Avoid skimping on your project, as spending a few extra dollars is best to get a high-quality project.

Should You Use Clear Or White Caulk For The Toilet?

You’ll find dozens of options as you browse for caulk for your toilet. Caulk comes in multiple colors: white, almond, cream, and clear. So, which color should you choose for around your toilet base?

Generally, it’s best to stick with clear or white caulk for the toilet. However, if you have a colored toilet, you might choose to go with a different color caulk so it doesn’t stand out so much. Choose a color that correlates with your bathroom, as this will help the layer of caulk blend in with the space.

For example, if you have white or gray grout between the tiles in your flooring or shower, white is a good choice for caulking around the toilet. Be sure to select the proper type of caulk, especially if you choose a different colored caulk.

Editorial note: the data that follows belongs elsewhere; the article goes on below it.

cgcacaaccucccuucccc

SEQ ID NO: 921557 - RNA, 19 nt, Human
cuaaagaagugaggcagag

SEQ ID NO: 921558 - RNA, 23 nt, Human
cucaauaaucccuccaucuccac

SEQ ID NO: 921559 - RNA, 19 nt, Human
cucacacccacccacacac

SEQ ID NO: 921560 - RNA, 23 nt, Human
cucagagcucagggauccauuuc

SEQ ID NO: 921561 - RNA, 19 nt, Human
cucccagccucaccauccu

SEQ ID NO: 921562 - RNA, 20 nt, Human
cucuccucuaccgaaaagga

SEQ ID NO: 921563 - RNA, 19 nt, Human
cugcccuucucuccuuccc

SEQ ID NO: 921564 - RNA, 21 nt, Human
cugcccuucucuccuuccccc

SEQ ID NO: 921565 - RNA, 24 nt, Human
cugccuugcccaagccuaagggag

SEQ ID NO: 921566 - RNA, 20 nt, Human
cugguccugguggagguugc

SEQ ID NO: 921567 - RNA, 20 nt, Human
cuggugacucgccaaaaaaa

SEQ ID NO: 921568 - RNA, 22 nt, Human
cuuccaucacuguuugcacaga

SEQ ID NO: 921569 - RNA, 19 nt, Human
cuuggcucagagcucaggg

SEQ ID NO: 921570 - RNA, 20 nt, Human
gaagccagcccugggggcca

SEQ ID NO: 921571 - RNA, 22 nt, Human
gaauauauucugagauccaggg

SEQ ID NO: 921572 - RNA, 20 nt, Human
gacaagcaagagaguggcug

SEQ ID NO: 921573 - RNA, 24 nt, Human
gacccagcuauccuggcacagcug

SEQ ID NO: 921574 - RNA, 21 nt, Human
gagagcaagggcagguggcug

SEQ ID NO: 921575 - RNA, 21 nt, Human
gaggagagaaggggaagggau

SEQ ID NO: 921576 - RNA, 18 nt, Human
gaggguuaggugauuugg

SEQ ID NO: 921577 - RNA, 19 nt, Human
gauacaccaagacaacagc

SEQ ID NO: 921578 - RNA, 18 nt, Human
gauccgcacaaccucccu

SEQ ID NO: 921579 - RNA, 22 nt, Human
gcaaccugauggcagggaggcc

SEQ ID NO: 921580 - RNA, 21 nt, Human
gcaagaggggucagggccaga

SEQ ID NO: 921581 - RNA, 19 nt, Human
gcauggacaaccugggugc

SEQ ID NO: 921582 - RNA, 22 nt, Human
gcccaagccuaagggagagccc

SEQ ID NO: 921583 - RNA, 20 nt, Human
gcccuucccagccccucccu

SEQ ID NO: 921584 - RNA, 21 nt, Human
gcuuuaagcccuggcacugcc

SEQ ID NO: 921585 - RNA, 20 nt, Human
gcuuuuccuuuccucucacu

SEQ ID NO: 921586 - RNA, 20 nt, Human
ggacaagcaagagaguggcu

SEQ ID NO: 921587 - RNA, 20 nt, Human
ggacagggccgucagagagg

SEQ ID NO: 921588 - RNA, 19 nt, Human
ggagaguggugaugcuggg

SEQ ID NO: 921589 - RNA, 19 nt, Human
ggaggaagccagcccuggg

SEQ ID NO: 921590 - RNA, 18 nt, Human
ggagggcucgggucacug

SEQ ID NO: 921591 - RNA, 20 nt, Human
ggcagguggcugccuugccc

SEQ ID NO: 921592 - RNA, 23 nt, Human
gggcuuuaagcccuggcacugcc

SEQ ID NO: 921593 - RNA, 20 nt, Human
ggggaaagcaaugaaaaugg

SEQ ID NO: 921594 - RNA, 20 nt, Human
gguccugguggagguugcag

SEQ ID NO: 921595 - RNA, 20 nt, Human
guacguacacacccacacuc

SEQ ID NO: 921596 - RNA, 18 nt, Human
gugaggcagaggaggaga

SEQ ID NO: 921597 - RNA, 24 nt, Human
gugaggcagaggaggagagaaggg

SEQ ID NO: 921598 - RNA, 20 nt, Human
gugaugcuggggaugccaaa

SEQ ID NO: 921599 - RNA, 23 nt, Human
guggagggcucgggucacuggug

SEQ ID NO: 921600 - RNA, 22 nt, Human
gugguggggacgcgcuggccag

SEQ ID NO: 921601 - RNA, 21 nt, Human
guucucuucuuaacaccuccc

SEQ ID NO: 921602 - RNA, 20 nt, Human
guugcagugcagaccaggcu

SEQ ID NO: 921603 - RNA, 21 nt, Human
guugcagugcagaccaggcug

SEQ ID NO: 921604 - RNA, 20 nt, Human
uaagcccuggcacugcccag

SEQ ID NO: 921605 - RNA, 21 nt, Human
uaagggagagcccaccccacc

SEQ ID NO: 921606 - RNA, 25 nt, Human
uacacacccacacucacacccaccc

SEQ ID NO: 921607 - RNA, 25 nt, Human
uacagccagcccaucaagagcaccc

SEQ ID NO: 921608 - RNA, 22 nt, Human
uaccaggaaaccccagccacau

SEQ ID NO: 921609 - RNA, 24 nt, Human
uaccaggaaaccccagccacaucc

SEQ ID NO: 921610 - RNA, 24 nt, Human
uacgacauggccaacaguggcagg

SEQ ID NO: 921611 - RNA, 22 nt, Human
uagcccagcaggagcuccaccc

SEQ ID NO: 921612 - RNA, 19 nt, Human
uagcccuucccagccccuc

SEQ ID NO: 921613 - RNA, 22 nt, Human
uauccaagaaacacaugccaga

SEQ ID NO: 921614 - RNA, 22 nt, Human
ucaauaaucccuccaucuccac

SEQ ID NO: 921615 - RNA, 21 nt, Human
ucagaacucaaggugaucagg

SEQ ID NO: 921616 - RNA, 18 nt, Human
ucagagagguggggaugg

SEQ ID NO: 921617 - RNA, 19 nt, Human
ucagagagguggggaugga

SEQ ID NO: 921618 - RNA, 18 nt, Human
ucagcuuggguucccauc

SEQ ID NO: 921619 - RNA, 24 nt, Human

Are You Supposed To Caulk Around A Toilet?

Caulking around a toilet is an essential part of installing a new toilet. International Plumbing Code requires you to caulk the toilet to the floor, so while you might be tempted to skip this step, it’s a necessary part of the process.

Not only does it help reduce the risk of a leak, but caulking around the toilet’s base also helps add stability on somewhat uneven floors. Although the bolts securing the toilet’s base to the ground secure it well, uneven floors can make it relatively unstable. Adding a caulk layer makes the toilet more stable and less prone to malfunctions due to movement.

Benefits Of Caulking Around The Toilet

There’s no doubting the benefits of caulking around the base of the toilet. While some plumbers cite issues with removal due to the caulk’s adhesion (when you remove the toilet, the caulk adhered to tile may pull those tiles away from the floor), the benefits outweigh the negatives. A few notable benefits of caulking around the base of the toilet include the following:

  • Secures the toilet: Caulking around the toilet adds an extra layer of security and stability to the toilet, especially on uneven floors. Once the caulk dries, it offers a bit of additional protection against movement.